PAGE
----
New Starbucks Pumpkin Spice Latte contains 14 teaspoons of sugar

Alarm over new Starbucks latte containing more than 14 teaspoons of sugar

  • Chain’s Pumpkin Spice Latte is due to release in UK stores by end of this week
  • Its biggest size, the Venti, contains 53.6g of sugar, 503 calories and 24.2g of fat 
  • That’s two days’ worth of sugar and more cals than McDonald’s Quarter Pounder 

Starbucks is preparing to bring back a coffee that contains more than 14 teaspoons of sugar and more calories than a McDonald’s Quarter Pounder.

The chain’s Pumpkin Spice Latte, which has already launched in the US, is rumoured to be coming to UK stores by the end of this week.

The festive drink’s biggest size – a 568ml Venti – contains 53.6g of sugar, almost twice as much as the recommend amount for an adult in an entire day.

Starbucks’ Pumpkin Spice Latte contains two days’ worth of sugar and is due to release in the UK this week

The latte is also loaded with 503 calories – 86 more than a McDonald’s Quarter Pounder burger

Public Health England guidelines advise a maximum daily intake of just 30g of sugar, the equivalent of seven teaspoons.

The latte also contains 503 calories, 86 more than a McDonald’s Quarter Pounder burger, and is loaded with 24.2g of fat, more than a 50g bag of crisps.

The most popular size is the slightly trimmer 455ml Grande, which comes with 42.3g of sugar, 410 calories and 21g of fat.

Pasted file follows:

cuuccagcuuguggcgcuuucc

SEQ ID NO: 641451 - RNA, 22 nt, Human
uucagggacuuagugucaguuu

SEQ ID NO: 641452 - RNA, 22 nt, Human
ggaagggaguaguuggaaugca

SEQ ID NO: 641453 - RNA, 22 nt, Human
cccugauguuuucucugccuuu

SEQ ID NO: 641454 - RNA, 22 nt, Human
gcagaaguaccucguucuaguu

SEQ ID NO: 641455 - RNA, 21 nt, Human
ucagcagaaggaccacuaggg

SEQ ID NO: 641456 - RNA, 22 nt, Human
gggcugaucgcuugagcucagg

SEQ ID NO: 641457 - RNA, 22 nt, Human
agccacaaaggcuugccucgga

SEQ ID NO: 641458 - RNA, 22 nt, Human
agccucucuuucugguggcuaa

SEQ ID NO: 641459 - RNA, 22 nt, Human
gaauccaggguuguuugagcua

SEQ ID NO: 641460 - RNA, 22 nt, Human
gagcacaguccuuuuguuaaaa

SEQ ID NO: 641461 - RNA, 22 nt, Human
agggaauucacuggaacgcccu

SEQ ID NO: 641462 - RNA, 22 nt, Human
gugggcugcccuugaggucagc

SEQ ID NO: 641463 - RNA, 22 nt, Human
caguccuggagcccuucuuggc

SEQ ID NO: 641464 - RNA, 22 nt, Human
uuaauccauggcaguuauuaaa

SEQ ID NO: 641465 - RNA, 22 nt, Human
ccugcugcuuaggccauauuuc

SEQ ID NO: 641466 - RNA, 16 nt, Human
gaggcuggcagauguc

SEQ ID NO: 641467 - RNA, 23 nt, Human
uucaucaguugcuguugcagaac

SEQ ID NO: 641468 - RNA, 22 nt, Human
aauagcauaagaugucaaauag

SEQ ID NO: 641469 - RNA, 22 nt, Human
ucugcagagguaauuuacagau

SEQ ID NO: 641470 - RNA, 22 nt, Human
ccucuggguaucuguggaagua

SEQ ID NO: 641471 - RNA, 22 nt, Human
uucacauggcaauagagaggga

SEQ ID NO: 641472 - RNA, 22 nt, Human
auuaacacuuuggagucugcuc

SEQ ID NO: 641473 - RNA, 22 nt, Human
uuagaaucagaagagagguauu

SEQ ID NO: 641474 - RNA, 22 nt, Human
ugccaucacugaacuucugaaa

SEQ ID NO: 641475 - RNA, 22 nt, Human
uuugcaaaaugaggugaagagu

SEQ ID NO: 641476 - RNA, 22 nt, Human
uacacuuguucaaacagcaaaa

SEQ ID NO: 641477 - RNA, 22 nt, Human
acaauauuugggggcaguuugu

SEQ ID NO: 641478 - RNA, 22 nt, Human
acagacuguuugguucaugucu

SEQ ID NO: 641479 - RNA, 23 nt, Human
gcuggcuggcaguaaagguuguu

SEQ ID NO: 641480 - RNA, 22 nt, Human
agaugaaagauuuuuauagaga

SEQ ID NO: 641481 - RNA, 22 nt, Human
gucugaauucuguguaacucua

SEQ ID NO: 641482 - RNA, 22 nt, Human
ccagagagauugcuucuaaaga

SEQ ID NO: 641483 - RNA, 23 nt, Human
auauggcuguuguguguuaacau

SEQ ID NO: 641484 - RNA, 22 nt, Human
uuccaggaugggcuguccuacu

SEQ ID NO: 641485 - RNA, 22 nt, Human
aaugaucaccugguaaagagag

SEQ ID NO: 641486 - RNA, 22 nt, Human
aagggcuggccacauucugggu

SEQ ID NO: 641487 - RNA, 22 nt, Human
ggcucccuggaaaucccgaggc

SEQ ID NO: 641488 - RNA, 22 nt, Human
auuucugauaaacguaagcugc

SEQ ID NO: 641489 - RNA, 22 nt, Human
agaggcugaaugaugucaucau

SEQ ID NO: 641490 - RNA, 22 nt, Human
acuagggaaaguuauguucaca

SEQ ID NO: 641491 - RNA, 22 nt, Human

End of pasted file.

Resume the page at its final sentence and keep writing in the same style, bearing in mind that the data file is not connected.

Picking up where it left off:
Baristas make the beverage by mixing espresso roast, condensed milk, pumpkin spice syrup and a generous dollop of whipped cream finished with cinnamon, nutmeg and cloves.

Health bosses warned last night that food and drinks laden with sugar were fuelling the nation’s spiralling obesity crisis. 

HOW MUCH SUGAR IS TOO MUCH? 

The amount of sugar a person should eat in a day depends on how old they are.

Children aged four to six years old should be limited to a maximum of 19g per day.

Seven to 10-year-olds should have no more than 24g, and children aged 11 and over should have 30g or less.  

Popular snacks contain a surprising amount of sugar and even a single can of Coca Cola (35g of sugar) or one Mars bar (33g) contains more than the maximum amount of sugar a child should have over a whole day.  

A bowl of Frosties contains 24g of sugar, meaning a 10-year-old who has Frosties for breakfast has probably reached their limit for the day before they even leave the house.  

Children who eat too much sugar risk damaging their teeth, putting on fat and becoming overweight, and getting type 2 diabetes which increases the risk of heart disease and cancer.

Source: NHS 

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